Background: Fatigue is commonly reported by ARDS survivors, but empirical data are scarce. Research Question: This study evaluated fatigue prevalence and associated variables in a prospective study of ARDS survivors. Study Design and Methods: This analysis is part of the ARDSNet Long-Term Outcomes Study (ALTOS) conducted at 38 US hospitals. Using age- and sex-adjusted, time-averaged random effects regression models, we evaluated associations between the validated Functional Assessment of Chronic Illness Therapy-Fatigue Scale with patient and critical illness variables, and with physical, cognitive, and mental health status at 6 and 12 months following ARDS. Results: Among ARDS survivors, 501 of 711 (70%) and 436 of 659 (66%) reported clinically significant symptoms of fatigue at 6 and 12 months, respectively, with 41% and 28% reporting clinically important improvement and worsening (n = 638). At 6 months, the prevalence of fatigue (70%) was greater than that of impaired physical functioning (50%), anxiety (42%), and depression (36%); 46% reported both impaired physical function and fatigue, and 27% reported co-existing anxiety, depression, and fatigue. Fatigue was less severe in men and in those employed prior to ARDS. Critical illness variables (eg, illness severity, length of stay) had little association with fatigue symptoms. Worse physical, cognitive, and mental health symptoms were associated with greater fatigue at both the 6- and 12-month follow-up. Interpretation: During the first year following ARDS, more than two-thirds of survivors reported clinically significant fatigue symptoms. Due to frequent co-occurrence, clinicians should evaluate and manage survivors’ physical, cognitive, and mental health status when fatigue is endorsed.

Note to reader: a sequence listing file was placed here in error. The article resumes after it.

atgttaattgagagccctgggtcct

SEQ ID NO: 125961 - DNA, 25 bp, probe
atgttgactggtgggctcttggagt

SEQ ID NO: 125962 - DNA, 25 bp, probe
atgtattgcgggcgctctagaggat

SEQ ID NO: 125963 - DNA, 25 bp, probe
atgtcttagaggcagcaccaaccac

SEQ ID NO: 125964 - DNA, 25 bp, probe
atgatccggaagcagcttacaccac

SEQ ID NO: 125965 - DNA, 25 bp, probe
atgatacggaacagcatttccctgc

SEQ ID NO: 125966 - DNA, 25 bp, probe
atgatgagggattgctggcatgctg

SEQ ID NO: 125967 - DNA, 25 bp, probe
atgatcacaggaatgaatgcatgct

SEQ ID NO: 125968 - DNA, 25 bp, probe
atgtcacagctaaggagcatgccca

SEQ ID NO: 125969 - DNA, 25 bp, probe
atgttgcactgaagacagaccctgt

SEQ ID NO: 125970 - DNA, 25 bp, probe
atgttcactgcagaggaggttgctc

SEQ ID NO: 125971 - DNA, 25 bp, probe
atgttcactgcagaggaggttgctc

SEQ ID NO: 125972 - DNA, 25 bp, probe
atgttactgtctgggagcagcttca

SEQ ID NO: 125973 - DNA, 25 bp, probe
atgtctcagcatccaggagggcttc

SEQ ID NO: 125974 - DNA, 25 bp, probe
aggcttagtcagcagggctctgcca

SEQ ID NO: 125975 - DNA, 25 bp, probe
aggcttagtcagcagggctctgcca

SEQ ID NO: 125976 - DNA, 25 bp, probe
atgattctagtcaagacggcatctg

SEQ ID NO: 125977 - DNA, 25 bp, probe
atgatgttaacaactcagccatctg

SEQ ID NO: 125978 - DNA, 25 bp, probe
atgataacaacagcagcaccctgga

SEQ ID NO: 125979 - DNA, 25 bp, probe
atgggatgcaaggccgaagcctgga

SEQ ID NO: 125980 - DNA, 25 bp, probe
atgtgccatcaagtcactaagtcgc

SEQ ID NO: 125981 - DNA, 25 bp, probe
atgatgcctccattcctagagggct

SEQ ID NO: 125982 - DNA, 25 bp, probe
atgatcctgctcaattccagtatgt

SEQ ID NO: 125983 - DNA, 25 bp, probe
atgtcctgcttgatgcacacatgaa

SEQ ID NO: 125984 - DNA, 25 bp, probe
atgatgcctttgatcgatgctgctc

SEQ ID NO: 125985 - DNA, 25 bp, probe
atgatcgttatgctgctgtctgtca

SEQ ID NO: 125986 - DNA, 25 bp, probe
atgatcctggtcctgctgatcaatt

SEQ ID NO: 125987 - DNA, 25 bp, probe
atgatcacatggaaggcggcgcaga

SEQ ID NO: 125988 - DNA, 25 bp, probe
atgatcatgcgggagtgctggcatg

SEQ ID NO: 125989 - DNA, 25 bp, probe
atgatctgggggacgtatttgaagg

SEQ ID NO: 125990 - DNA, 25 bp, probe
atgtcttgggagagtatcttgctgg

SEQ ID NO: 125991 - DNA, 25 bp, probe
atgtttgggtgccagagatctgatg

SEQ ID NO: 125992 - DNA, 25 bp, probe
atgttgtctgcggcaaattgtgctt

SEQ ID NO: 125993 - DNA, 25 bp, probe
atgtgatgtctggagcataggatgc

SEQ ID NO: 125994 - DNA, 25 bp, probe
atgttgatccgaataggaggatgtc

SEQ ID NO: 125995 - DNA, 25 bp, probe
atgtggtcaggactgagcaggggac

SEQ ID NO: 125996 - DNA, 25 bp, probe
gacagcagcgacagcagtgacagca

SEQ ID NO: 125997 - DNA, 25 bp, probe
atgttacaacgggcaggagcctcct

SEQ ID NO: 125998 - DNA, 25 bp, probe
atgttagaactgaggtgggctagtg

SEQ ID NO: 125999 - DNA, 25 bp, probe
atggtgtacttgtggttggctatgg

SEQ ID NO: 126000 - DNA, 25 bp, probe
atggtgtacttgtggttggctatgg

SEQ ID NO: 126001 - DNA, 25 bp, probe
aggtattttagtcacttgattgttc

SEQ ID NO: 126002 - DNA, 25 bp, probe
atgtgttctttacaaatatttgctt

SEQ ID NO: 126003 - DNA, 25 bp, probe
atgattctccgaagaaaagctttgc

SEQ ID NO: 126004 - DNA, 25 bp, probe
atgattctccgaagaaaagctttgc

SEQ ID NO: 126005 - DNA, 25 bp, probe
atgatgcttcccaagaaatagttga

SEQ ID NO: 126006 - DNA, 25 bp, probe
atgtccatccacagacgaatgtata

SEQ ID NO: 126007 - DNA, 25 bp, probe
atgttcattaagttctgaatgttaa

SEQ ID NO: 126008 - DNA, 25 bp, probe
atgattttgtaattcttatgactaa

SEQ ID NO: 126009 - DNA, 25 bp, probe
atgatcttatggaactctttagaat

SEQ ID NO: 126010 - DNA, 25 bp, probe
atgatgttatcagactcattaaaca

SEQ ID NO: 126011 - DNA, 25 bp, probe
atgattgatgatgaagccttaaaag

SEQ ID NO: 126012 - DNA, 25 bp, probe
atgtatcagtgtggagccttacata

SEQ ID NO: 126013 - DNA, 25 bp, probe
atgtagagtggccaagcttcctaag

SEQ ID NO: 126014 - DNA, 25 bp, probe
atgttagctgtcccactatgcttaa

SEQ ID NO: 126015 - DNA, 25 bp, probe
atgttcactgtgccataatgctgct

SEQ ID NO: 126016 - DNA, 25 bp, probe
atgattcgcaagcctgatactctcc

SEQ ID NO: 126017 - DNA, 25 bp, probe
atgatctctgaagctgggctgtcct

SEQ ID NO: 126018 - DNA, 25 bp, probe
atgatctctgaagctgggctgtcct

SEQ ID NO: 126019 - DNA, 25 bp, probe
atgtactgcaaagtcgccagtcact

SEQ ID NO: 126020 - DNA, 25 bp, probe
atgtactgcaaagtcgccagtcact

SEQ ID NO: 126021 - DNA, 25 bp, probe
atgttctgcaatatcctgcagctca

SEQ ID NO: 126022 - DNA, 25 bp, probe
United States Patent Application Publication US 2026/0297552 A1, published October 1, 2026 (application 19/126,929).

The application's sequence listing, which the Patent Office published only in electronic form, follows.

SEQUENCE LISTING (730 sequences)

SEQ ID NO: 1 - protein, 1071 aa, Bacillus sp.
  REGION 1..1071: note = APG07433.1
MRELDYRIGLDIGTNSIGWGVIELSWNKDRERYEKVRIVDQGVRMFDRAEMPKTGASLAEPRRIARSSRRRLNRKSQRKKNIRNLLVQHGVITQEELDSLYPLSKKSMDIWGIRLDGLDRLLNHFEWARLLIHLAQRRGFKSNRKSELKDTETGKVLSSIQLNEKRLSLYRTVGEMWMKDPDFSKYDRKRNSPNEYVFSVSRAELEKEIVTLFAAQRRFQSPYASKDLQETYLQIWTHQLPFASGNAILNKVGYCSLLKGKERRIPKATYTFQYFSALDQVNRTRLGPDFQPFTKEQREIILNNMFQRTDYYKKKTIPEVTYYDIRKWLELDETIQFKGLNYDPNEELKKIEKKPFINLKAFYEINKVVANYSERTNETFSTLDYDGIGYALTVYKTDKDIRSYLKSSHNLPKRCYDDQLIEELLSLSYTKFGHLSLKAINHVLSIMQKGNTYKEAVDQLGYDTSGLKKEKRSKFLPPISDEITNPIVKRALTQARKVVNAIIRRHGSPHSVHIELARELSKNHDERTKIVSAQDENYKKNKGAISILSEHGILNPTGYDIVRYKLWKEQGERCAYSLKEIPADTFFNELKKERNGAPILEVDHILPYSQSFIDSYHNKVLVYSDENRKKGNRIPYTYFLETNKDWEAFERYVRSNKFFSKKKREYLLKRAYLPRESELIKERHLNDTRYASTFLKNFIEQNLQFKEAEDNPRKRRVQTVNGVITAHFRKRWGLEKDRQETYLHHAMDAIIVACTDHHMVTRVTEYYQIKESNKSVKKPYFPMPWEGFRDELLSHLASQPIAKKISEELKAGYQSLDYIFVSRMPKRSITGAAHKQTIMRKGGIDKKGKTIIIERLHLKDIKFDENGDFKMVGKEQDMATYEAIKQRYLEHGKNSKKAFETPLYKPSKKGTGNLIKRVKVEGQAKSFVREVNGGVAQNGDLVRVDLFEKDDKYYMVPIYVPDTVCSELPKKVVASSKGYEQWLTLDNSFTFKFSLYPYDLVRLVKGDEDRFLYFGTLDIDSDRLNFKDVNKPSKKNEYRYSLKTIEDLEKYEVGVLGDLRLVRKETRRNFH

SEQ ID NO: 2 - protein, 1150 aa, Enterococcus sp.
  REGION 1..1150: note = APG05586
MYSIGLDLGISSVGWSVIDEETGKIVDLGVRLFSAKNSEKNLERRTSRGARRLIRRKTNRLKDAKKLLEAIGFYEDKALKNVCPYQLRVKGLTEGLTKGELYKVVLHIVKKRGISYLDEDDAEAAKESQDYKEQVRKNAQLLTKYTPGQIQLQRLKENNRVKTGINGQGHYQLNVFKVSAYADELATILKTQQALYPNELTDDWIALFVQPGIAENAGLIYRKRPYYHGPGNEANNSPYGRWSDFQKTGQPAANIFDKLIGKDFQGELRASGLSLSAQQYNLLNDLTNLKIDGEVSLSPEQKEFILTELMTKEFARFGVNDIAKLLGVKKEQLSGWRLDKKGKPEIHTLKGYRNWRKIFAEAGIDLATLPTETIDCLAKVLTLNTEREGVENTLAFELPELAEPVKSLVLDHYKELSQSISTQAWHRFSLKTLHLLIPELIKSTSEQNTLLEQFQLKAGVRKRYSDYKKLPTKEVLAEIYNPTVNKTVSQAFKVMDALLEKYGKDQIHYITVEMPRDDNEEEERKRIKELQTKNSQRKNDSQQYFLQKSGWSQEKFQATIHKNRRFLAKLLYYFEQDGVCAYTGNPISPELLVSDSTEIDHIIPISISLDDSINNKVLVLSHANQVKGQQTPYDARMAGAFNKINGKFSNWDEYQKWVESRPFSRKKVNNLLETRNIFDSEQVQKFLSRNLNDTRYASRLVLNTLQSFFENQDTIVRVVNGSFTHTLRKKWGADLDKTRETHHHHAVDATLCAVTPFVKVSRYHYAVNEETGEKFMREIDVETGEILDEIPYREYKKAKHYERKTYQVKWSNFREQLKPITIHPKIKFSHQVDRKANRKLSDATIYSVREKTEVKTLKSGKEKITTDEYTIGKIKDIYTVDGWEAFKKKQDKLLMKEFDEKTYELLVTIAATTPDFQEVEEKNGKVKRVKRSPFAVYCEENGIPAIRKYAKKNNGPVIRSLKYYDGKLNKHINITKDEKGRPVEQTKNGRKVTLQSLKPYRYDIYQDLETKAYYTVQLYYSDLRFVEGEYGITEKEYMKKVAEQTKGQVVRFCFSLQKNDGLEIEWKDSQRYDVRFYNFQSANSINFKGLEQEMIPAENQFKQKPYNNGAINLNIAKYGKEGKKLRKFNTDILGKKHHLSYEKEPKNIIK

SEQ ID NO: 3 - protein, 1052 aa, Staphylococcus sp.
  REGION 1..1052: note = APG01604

- acute lung injury
- cognitive function
ASJC Scopus subject areas
- Pulmonary and Respiratory Medicine
- Critical Care and Intensive Care Medicine
- Cardiology and Cardiovascular Medicine